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Discussion Starter #1
Hi all,

I hope nobody minds that I have started a new thread to ask a few questions. I've been scanning the threads on here for a little while and thought I'd take the leap and ask for some advice.I am a complete novice runner although have done lots of running on treadmills over the past 3 years. I am now starting to make the transition to the great outdoors, which is considerably harder!

I went to Ironbridge runners in Exeter today to get some new trainers as mine are about 3 years old and came away with some Saucony Grid Stabil MC 5 (if that means anything to anyone...). The lady in the shop said I over pronate and these are supportive. The thing that confuses me is that in an ordinary shoe I am a size 6 and in my current trainers (Etonic) I am a 6 1/2 and yet when she fitted me she said I should be wearing a 7 1/2 for running. They have at least a half inch clear at the front and there seems to be quite a bit of room at the side of my foot at the front. I ran on the treadmill in the shop and they seemed fine but will they stretch and be baggy once I've worn them a few times - they cost £70 and I really can't afford for them not to last. Is it normal for trainers to be so much bigger than normal shoes???

The other question is should I buy a heart rate monitor as she said I was running too fast and my strides were too big also that I should run at a pace that is comfortable. I didn't know whether I should get used to running before buying one or whether this will just start bad habits.

I've entered the race for life in July as an initial goal and intend to run all of it but just want to make sure I'm doing everything right!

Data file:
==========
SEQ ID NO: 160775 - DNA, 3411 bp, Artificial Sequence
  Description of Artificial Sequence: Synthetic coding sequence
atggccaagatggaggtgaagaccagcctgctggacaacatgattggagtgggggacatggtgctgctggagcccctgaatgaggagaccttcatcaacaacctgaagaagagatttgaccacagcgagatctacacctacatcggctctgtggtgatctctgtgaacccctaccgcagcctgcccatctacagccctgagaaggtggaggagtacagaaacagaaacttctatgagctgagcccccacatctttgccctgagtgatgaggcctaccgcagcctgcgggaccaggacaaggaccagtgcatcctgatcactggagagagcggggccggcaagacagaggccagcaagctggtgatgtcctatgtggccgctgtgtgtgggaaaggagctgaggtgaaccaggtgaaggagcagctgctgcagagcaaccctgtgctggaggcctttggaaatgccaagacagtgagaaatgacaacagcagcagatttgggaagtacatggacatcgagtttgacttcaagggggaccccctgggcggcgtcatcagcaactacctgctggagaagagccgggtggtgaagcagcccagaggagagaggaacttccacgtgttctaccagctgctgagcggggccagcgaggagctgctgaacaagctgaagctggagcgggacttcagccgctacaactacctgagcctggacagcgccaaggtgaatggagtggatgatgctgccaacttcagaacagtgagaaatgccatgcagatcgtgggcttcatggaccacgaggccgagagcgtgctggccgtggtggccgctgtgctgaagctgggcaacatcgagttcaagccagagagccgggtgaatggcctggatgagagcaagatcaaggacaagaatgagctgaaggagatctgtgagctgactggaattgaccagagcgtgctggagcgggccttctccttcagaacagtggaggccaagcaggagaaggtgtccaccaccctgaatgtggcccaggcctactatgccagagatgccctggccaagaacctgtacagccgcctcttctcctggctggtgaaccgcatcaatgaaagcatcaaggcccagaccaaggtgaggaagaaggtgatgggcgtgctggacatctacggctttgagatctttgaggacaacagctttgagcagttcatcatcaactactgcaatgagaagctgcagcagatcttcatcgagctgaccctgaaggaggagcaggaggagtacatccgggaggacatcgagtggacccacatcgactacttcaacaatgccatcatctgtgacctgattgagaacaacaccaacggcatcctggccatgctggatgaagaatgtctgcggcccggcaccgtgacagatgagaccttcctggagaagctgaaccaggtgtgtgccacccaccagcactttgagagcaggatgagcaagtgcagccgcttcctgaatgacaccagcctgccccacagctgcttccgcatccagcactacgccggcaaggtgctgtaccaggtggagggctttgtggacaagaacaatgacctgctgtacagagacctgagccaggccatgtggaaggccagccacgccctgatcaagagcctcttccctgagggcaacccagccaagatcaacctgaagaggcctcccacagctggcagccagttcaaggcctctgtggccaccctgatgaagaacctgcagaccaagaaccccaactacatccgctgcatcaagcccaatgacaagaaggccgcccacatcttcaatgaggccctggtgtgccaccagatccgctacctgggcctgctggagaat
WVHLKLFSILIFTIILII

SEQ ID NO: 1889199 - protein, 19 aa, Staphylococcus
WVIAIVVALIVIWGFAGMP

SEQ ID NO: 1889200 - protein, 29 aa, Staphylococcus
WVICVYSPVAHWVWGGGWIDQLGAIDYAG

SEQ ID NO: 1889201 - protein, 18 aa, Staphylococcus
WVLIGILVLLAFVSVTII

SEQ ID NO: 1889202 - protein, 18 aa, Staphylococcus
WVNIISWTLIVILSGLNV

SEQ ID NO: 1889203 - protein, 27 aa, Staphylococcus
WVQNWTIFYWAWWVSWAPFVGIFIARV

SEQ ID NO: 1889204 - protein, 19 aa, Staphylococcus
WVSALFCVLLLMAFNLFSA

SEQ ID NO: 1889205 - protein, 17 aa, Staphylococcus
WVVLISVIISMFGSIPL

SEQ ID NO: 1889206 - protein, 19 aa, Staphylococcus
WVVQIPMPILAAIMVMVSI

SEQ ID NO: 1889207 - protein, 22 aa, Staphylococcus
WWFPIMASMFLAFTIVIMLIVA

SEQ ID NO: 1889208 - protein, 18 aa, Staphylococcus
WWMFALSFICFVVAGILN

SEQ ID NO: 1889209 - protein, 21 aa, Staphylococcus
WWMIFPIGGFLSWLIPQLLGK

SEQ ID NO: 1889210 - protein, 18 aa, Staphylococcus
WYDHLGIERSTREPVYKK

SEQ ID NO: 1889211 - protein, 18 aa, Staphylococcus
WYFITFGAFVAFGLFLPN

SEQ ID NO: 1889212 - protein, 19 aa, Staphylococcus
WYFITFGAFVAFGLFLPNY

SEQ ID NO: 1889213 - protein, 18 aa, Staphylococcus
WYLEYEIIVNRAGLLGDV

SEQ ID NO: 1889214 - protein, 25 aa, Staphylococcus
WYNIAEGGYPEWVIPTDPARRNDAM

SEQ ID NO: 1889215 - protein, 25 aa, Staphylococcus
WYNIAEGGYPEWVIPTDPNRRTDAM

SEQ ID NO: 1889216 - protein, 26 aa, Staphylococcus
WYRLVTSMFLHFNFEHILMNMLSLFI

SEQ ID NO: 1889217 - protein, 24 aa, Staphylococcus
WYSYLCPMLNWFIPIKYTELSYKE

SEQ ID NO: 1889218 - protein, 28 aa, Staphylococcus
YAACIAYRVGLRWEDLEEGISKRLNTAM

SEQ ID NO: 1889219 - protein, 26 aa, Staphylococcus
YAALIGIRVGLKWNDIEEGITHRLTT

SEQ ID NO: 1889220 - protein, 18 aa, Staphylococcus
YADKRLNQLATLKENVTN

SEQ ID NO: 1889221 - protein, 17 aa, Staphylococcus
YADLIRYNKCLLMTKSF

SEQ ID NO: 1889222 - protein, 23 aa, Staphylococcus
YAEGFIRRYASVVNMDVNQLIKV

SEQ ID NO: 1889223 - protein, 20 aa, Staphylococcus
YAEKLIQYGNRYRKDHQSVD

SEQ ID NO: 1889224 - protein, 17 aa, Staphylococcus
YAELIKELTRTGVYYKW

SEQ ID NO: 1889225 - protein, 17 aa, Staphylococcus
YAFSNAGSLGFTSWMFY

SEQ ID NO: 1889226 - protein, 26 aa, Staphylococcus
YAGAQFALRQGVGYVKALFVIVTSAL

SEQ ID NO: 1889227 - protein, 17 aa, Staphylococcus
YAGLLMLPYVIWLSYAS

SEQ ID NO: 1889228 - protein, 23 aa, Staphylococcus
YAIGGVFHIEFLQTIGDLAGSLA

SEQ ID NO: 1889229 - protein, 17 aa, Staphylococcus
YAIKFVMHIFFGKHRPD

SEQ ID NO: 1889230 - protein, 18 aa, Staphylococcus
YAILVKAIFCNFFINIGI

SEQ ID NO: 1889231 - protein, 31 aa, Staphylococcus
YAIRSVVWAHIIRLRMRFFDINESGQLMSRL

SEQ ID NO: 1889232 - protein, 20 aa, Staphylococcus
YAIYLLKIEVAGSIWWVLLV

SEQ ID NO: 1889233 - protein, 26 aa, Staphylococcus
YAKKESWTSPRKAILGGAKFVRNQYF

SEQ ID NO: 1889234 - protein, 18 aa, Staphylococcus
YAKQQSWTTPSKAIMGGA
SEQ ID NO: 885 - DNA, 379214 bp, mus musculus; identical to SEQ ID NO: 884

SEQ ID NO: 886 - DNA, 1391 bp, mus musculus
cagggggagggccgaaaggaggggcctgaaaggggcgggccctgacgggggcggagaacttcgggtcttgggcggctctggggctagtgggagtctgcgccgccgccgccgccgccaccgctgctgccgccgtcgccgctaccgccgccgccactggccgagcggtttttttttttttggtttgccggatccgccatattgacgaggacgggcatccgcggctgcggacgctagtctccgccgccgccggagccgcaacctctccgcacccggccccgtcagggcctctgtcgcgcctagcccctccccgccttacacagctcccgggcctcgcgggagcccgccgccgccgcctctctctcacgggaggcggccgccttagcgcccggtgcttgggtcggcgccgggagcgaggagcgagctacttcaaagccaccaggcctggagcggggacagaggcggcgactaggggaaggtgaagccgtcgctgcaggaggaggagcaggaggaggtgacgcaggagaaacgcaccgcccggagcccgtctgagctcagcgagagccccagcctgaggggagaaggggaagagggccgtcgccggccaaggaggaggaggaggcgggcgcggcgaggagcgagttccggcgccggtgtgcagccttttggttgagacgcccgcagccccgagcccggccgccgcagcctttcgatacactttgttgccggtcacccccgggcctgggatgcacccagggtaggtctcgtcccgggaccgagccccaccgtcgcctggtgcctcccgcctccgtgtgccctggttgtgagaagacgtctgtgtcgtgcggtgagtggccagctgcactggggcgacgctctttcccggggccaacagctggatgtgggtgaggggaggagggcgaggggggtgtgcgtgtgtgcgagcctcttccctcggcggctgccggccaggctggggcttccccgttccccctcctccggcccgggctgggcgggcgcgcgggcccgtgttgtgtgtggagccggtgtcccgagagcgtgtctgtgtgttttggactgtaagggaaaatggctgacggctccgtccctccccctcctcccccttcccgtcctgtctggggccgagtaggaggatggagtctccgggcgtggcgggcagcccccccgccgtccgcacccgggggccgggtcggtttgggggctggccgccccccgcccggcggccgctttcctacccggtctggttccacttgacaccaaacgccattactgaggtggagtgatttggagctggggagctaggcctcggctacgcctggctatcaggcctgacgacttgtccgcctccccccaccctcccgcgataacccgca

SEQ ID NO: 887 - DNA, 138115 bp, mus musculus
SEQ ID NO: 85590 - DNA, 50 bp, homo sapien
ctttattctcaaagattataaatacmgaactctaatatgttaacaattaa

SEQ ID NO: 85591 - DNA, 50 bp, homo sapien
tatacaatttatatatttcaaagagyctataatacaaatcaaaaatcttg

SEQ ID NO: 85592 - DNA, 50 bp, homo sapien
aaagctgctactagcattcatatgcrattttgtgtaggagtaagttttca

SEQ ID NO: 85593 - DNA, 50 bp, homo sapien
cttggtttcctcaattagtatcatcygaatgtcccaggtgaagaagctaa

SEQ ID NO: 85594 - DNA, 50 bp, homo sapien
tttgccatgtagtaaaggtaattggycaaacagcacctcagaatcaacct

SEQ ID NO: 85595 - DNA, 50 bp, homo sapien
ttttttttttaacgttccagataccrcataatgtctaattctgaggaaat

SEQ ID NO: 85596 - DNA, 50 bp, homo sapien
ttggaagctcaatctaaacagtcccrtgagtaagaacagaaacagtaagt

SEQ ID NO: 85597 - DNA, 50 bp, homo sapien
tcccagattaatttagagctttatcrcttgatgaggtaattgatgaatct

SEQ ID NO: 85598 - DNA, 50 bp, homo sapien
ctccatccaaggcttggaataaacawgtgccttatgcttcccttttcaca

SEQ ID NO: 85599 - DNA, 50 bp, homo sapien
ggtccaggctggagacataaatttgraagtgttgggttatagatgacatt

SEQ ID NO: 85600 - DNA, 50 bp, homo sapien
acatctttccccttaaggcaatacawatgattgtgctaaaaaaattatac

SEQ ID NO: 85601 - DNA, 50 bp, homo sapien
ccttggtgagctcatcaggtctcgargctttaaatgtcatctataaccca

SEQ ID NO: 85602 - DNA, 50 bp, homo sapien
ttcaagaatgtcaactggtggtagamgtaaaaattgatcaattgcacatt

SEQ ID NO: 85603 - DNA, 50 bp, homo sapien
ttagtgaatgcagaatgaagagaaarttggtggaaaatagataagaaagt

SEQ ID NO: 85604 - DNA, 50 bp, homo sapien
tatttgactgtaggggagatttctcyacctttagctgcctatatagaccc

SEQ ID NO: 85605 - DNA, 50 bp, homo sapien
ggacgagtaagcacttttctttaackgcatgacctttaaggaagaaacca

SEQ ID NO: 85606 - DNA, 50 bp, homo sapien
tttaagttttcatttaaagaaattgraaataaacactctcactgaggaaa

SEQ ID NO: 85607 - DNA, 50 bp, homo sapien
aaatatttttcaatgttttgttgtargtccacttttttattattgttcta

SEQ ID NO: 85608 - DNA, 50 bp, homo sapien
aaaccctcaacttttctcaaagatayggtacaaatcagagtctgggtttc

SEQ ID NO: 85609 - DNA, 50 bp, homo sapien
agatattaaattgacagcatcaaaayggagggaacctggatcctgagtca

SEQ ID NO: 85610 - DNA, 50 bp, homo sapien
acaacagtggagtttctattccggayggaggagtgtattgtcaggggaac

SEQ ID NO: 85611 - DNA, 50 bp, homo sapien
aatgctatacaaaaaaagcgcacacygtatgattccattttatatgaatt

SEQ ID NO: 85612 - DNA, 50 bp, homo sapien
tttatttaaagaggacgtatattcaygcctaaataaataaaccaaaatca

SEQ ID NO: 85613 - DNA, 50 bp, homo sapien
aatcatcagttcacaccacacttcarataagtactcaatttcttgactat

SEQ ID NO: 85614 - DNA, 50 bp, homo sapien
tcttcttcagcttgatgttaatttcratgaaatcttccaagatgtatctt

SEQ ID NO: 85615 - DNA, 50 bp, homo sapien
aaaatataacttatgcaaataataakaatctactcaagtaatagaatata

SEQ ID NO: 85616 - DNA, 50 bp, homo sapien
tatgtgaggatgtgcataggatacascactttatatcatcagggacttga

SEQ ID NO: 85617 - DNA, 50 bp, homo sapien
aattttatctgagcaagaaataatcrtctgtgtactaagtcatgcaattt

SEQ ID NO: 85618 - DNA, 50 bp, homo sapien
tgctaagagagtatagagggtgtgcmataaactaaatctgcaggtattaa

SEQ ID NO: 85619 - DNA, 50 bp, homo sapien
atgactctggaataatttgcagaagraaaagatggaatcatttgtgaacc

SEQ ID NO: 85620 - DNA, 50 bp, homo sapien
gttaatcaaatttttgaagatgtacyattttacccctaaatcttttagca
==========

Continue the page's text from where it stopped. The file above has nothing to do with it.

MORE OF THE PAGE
Any advice would be very much appreciated.

Thanks,

YG
 

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yorkshire-girl said:
Hi all,

I hope nobody minds that I have started a new thread to ask a few questions. I've been scanning the threads on here for a little while and thought I'd take the leap and ask for some advice.I am a complete novice runner although have done lots of running on treadmills over the past 3 years. I am now starting to make the transition to the great outdoors, which is considerably harder!

I went to Ironbridge runners in Exeter today to get some new trainers as mine are about 3 years old and came away with some Saucony Grid Stabil MC 5 (if that means anything to anyone...). The lady in the shop said I over pronate and these are supportive. The thing that confuses me is that in an ordinary shoe I am a size 6 and in my current trainers (Etonic) I am a 6 1/2 and yet when she fitted me she said I should be wearing a 7 1/2 for running. They have at least a half inch clear at the front and there seems to be quite a bit of room at the side of my foot at the front. I ran on the treadmill in the shop and they seemed fine but will they stretch and be baggy once I've worn them a few times - they cost £70 and I really can't afford for them not to last. Is it normal for trainers to be so much bigger than normal shoes???